A garden town is a development of more than 10,000 homes, and garden villages are smaller settlements between 1,500 and 10,000 homes. Garden cities have been long established, Sir Ebenezer Howard came up with the concept in 1898, creating Letchworth Garden City in Hertfordshire, later followed by Welwyn Garden City. As the UK is faced with a growing issue of a housing shortage, the government has decided to create 14 more of these new villages in rural regions to provide over 48,000 homes. But is this enough to solve the uneven balance of supply Vs demand?
The good news is that new villages create new communities which in turn creates new jobs and facilities which helps boost the local economy. More importantly to the property industry, these new homes represent opportunities for agents. There could be several different developers in one site alone, and therefore it is important that agents position themselves well, so that when the opportunity arises you are at the forefront of the developers mind. It will also be a good use of brownfield sites, as there will be facilities provided within the villages to attract people to the outskirts of a city.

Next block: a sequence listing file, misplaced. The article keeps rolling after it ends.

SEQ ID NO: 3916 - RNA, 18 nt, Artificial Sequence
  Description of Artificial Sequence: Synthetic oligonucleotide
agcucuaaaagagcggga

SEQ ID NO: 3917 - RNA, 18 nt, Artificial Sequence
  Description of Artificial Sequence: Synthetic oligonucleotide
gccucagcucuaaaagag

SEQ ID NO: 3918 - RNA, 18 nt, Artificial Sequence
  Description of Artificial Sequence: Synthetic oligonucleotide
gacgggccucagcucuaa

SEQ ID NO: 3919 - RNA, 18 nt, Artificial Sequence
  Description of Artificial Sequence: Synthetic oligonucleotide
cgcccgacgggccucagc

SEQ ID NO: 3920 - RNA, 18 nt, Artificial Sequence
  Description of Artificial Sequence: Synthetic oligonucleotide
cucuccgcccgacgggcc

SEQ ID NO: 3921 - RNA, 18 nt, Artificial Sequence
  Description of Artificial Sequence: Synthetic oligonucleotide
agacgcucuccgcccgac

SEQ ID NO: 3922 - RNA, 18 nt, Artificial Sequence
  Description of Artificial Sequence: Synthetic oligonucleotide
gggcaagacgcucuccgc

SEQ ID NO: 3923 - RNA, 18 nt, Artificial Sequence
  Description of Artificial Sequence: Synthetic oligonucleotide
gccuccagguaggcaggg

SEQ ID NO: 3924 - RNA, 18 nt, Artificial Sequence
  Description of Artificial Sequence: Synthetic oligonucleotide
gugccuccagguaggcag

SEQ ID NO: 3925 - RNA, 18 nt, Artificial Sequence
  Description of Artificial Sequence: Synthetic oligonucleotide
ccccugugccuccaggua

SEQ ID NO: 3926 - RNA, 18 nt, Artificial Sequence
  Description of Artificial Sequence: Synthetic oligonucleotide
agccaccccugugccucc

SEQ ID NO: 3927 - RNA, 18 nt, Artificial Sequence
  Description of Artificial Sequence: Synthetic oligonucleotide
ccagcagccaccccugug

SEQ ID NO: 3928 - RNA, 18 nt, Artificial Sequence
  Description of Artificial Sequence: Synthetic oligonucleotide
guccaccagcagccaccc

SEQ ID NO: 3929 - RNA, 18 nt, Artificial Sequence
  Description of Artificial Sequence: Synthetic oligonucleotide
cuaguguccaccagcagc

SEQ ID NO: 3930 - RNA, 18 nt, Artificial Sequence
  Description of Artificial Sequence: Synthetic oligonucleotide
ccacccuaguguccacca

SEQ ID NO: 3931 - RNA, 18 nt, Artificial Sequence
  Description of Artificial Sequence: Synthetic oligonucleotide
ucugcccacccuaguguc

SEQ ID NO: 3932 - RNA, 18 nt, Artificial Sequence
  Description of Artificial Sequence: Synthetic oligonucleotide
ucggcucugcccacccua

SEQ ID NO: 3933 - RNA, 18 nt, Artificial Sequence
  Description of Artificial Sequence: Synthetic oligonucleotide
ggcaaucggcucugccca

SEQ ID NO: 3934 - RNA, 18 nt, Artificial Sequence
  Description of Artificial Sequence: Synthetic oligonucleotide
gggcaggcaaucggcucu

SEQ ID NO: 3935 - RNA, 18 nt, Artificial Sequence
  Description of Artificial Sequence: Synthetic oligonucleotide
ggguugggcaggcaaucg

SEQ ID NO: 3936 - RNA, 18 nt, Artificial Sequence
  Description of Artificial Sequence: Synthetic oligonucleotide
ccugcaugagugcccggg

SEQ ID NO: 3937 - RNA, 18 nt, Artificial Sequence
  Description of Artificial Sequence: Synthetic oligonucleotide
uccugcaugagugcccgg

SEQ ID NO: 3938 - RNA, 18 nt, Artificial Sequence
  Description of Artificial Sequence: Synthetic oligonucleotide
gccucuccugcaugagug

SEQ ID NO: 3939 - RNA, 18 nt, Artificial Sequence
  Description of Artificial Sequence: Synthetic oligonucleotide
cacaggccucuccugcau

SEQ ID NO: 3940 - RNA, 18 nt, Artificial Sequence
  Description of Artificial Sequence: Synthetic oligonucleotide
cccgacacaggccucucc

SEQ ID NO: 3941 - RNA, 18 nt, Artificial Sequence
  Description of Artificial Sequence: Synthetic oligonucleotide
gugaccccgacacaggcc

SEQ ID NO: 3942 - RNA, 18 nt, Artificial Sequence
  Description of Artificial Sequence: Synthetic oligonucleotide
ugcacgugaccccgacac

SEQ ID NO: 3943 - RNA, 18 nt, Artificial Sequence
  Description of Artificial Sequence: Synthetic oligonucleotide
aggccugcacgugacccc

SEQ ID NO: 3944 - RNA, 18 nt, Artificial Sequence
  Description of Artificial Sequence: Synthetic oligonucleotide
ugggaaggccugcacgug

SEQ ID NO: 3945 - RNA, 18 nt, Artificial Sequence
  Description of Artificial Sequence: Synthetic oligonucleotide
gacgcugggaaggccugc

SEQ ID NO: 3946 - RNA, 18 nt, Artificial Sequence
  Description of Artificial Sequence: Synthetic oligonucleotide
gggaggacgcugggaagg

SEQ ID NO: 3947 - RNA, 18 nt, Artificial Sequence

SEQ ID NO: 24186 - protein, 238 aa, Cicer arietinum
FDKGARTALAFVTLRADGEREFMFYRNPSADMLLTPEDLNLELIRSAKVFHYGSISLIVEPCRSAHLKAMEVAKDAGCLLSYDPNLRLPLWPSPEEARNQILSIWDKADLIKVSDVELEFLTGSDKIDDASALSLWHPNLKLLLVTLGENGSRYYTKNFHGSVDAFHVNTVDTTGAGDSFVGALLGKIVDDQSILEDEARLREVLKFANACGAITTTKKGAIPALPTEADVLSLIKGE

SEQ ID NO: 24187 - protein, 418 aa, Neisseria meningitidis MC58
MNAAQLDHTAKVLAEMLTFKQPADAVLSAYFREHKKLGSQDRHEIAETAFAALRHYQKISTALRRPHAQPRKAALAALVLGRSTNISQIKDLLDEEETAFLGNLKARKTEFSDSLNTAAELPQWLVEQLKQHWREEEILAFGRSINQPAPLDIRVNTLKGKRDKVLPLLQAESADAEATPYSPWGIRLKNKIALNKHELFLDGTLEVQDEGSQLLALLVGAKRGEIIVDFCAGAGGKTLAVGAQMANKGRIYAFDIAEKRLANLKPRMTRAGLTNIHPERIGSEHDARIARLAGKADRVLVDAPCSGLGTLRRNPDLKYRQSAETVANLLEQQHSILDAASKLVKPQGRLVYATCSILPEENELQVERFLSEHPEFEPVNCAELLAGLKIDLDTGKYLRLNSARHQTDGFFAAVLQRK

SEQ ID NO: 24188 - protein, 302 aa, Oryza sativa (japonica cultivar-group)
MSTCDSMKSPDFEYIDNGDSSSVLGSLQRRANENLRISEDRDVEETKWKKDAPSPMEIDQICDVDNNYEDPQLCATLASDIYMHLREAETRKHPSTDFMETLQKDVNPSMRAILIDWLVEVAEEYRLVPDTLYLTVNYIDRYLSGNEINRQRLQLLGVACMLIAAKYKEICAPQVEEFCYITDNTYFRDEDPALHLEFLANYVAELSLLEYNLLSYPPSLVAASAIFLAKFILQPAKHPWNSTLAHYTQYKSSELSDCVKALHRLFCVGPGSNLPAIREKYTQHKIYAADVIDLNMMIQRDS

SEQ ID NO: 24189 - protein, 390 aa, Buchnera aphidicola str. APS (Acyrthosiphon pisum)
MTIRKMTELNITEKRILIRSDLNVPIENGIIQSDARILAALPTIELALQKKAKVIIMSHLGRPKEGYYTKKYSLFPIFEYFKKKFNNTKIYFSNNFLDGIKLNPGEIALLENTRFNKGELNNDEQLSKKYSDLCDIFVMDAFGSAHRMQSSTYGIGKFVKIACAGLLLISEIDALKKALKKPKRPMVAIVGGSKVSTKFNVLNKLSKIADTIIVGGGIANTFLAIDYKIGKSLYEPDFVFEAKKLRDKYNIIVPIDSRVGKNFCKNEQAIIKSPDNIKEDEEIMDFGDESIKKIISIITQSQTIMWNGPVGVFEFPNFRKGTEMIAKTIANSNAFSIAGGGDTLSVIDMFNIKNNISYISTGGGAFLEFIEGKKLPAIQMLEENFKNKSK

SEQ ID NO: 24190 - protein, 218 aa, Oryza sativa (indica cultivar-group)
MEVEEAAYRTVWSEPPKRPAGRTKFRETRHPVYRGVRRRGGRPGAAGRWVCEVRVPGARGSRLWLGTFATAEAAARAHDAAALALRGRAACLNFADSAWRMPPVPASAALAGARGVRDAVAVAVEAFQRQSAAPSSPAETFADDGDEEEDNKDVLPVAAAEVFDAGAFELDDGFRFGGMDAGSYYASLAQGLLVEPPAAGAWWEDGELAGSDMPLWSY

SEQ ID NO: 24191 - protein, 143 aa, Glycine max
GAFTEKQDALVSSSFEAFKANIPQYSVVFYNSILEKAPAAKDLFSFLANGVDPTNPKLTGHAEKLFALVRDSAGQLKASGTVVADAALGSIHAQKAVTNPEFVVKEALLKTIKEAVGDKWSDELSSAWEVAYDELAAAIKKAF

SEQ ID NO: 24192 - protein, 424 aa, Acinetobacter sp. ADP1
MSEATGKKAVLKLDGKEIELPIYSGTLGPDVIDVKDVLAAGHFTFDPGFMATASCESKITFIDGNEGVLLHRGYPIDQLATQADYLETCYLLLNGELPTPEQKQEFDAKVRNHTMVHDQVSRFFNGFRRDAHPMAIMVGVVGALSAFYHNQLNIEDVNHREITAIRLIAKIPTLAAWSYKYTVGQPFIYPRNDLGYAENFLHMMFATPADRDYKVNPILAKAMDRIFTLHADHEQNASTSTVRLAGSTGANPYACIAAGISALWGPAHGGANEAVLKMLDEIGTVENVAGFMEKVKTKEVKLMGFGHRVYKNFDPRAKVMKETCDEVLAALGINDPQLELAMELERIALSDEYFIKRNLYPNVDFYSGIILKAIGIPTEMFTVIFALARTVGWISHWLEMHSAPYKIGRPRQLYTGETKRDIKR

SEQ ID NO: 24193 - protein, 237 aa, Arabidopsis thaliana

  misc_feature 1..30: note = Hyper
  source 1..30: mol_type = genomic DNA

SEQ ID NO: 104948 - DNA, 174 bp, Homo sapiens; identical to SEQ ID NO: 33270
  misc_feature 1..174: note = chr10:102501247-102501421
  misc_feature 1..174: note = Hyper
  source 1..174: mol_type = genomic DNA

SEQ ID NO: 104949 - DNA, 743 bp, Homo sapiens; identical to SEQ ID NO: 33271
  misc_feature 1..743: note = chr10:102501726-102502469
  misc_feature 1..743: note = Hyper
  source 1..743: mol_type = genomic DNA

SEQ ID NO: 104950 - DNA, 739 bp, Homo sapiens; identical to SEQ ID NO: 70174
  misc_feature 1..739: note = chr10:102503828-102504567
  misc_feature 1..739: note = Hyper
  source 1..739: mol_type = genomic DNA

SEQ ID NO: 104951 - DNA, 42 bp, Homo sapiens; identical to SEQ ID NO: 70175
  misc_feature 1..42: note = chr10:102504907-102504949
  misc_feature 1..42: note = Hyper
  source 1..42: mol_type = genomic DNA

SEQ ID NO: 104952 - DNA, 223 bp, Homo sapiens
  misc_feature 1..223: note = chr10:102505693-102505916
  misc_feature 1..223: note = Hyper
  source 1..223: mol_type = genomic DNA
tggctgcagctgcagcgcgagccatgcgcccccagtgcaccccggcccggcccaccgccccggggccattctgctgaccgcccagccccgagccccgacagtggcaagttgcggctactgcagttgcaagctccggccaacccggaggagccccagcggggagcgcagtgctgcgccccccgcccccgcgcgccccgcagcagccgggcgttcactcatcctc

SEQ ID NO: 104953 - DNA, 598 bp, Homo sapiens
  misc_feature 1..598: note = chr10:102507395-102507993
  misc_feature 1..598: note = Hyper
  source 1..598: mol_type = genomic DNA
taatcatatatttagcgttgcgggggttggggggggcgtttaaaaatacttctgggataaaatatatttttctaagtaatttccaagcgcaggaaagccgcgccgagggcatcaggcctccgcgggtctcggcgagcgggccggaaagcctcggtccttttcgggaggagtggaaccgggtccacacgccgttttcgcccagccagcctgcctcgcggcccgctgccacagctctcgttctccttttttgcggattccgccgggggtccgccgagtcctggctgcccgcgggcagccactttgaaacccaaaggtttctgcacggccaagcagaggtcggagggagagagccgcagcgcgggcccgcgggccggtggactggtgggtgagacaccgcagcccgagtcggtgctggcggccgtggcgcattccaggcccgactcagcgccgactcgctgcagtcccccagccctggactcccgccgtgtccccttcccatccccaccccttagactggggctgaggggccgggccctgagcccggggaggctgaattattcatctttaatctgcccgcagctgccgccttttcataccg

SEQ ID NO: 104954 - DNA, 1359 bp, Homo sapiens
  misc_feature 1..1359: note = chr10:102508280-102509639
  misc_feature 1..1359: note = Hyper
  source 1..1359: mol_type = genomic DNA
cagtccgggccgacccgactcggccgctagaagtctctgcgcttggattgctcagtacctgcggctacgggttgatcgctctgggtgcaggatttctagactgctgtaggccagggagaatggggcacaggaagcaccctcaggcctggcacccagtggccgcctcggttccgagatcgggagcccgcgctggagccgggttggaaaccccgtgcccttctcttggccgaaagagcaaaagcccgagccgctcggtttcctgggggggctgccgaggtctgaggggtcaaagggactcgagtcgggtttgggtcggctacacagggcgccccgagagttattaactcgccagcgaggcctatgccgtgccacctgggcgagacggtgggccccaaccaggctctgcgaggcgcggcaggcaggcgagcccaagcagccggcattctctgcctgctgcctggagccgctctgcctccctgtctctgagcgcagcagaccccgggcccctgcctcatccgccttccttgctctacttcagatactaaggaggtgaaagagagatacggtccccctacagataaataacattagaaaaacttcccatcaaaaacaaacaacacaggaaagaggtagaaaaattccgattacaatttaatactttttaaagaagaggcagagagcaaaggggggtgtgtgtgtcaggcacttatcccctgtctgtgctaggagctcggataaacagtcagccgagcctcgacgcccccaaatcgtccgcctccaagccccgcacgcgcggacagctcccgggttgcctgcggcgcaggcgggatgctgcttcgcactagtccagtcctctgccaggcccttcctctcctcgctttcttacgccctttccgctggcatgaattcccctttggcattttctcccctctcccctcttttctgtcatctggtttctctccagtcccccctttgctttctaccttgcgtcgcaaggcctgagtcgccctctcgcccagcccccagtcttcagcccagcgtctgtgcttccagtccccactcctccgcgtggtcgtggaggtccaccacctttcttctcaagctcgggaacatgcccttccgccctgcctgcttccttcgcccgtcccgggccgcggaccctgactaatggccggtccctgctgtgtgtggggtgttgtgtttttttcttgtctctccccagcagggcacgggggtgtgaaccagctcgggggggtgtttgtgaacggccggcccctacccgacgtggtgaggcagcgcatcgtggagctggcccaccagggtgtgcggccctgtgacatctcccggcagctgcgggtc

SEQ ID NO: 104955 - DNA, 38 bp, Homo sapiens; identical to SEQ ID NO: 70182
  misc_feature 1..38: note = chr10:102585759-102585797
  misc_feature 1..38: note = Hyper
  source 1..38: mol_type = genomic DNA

Whilst it is promising to hear of such schemes, especially to accommodate the growing number of First-Time Buyers, the concern is that there is not enough money in the pot committed to building these homes. It seems that 14 plots of Garden Villages does not come close to sustaining the housing market and with no mention of Garden Cities, the larger developments have been downsized to just villages. There needs to be a combination of Garden Cities, Towns and villages to make a serious impression on the property industry.
The government needs to continue rolling out schemes such as the Garden Villages, year on year to help alleviate the housing crisis. As well as going one step further and encouraging even larger developments such as the Garden cities, as there are more advantages of creating a larger community with more opportunities on a Brownfield site.